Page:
Agreed, I love the comment and am more enamored with Ehrlich's readings of films than most active professional critics. I think he is often misinterpreted as being vacuously flippant because of his brash means of expression. My stray thoughts on this connection are that, contrary to Jack, Fassbender(/i.e. modern man?) has been primed by a more consistent, accepted atmosphere of isolating consumerism producing ennui. So he's evolved from a state where that listlessness clashes with an angsty psychological part that 'remembers when' and craves that elastic identity (Jack's struggle in Fight Club), now replaced by an embrace of rigid, determined individualism as a defense mechanism. This contrasts with Jack's drive to feed that impulse to connect, back when it seemed possible -and accessible, before the technological walls went up barring in-person opportunities for intimacy- in the earlier stages of Gen X conditioning.Mr Sausage wrote: ↑Sat Nov 11, 2023 4:16 pmI have been mulling over that Fight Club connection. I don't know exactly what I want to say about it yet, but the hitman's monologue is performing something like the same function as Tyler Durden, just on a less extreme and psychotic level. I think Erlich's comment is a lot less flippant than it comes across.
So, as Never Cursed diagnoses him as "more philosophically disturbed version of" (I imagine Durden), I think there's something there, but on a less 'literally'-disturbing level. Fassbender doesn't disturb his neighbors, he doesn't disrupt systems (at least not in a playful way that seems outwardly more threatening but less internally; for it's less prescriptive for long-term behavior, and less cynical for it. Those acting out are doing so for reasons under the psychological iceberg, as a reaction to something unrelated, and have more potential to shift behavior and allow this destruction to be a 'phase'). Fassbender follows them, ironically by adopting the antisocial cultural touchstones from the zeitgeist's overwhelming stimulation pushing persons towards mental breakdowns or apathy. So he falls in suit with society's self-serving "nihilistic" attitudes while simultaneously rejecting society. Instead of gaining pleasure on an anarchic level like Tyler Durden, he resists pleasure as a self-gratifying practice of coping to mirror an inability, or fear of attempting to locate pleasure amidst an alienating milieu. So is he "more philosophically disturbed" because he's lost his "Jack" persona, or because he's using "Durden" as a shield? Is it because, instead of having these two strong parts of him (from an IFS-therapy perspective, though "Jack" and "Tyler" were certainly extreme versions of those selves!) he has diluted Jack and Durden together into a compromised state of complacent passionless faux-nirvana? Is it because it's more realistic - reminiscent of some of the scarier personality disorders' rationales? Is it because, in fully accepting and internalizing this attitude for so long at such a comfortable simmer, the delusion is likely to be permanent, the skills lost or perhaps never developed at all? Jack at least had memories of a time when he was freer, and they were keys to self-actualize; just like I remember when I was a kid before computers and phones and had less obstructions to connection. Is Fassbender's lack of freedom a primer for the most horrifying vehicle posing as a relaxed commoner?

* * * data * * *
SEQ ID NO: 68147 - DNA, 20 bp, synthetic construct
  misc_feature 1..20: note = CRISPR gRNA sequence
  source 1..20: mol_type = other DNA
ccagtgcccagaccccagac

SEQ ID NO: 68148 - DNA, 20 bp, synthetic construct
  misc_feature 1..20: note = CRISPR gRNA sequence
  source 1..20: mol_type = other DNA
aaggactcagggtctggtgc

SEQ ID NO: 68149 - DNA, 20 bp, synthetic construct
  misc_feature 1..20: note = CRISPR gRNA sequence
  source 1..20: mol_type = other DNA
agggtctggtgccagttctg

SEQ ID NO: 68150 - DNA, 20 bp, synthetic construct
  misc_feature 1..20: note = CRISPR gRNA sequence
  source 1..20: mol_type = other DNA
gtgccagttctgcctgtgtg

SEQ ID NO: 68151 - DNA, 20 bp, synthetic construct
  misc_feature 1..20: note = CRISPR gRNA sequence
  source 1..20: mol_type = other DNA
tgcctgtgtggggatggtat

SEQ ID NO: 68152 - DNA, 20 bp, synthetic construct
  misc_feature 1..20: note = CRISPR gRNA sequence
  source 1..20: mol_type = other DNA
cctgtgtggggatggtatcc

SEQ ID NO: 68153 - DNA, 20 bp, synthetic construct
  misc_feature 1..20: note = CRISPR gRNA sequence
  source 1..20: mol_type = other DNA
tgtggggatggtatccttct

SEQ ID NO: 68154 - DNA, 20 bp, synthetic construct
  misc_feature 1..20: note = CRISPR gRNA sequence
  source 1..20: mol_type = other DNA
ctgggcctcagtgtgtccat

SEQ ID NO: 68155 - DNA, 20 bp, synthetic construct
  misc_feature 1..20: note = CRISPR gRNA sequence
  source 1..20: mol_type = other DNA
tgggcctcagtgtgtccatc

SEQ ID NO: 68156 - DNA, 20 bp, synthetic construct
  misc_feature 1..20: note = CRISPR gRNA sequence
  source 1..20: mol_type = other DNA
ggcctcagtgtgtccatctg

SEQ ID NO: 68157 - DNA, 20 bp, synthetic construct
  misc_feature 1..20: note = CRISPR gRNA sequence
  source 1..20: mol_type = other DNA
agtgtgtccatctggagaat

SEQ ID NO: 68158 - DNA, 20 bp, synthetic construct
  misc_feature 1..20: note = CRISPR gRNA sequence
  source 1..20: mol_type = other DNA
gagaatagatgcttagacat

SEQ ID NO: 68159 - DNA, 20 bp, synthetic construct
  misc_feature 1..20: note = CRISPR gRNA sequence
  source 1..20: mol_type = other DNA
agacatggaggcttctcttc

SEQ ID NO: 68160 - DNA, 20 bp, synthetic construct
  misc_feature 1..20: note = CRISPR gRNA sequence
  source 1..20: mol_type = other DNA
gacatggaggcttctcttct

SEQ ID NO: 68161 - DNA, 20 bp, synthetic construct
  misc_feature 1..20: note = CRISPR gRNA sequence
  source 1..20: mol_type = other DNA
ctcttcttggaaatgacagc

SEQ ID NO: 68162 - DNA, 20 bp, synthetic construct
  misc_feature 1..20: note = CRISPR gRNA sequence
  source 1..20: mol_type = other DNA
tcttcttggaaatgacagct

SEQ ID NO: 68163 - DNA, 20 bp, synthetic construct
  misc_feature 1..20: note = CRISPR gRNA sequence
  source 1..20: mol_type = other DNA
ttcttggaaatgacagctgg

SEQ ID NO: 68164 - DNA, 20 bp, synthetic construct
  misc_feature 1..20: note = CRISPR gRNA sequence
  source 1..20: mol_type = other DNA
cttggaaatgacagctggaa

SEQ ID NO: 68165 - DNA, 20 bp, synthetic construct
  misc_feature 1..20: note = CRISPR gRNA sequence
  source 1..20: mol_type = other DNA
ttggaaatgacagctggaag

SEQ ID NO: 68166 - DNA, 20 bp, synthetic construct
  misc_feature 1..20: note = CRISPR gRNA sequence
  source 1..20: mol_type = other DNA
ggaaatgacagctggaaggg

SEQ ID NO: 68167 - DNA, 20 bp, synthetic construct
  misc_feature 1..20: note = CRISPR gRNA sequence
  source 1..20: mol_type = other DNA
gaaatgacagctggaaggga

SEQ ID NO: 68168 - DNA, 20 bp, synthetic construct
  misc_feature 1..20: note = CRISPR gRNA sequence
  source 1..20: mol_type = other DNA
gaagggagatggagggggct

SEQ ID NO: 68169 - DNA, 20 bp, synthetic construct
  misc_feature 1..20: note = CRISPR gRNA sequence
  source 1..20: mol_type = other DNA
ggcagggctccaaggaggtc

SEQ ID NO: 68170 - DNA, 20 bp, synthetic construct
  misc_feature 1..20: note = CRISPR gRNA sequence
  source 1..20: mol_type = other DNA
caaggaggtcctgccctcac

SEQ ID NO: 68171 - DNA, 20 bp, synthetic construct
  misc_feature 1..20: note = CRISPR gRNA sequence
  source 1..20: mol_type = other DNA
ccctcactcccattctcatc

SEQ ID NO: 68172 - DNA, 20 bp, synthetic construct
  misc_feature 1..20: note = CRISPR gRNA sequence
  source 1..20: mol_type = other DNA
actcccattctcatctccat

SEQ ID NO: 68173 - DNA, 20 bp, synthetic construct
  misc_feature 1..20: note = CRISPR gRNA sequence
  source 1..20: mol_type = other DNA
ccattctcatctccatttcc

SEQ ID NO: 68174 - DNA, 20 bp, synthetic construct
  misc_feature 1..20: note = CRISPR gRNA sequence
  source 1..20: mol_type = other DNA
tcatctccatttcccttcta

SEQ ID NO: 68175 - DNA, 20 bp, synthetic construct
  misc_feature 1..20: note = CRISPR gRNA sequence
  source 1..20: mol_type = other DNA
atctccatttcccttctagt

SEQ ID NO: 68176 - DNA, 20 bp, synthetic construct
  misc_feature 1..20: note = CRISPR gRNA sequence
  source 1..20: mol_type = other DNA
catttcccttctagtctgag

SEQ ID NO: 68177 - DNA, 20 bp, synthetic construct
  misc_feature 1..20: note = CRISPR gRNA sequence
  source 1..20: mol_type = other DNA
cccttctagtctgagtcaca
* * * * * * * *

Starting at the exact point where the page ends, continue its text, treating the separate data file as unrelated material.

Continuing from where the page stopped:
Is Fincher, a lover of technology himself, self-reflexively engaging with his own competing parts - both mourning a loss of impassioned 'self' from those earlier days of Fight Club, and scoffing at that self; prided as a treasurer of rules, technology, process, and also realizing and sobering to his complacent routine of older age, without being sure how to feel about it?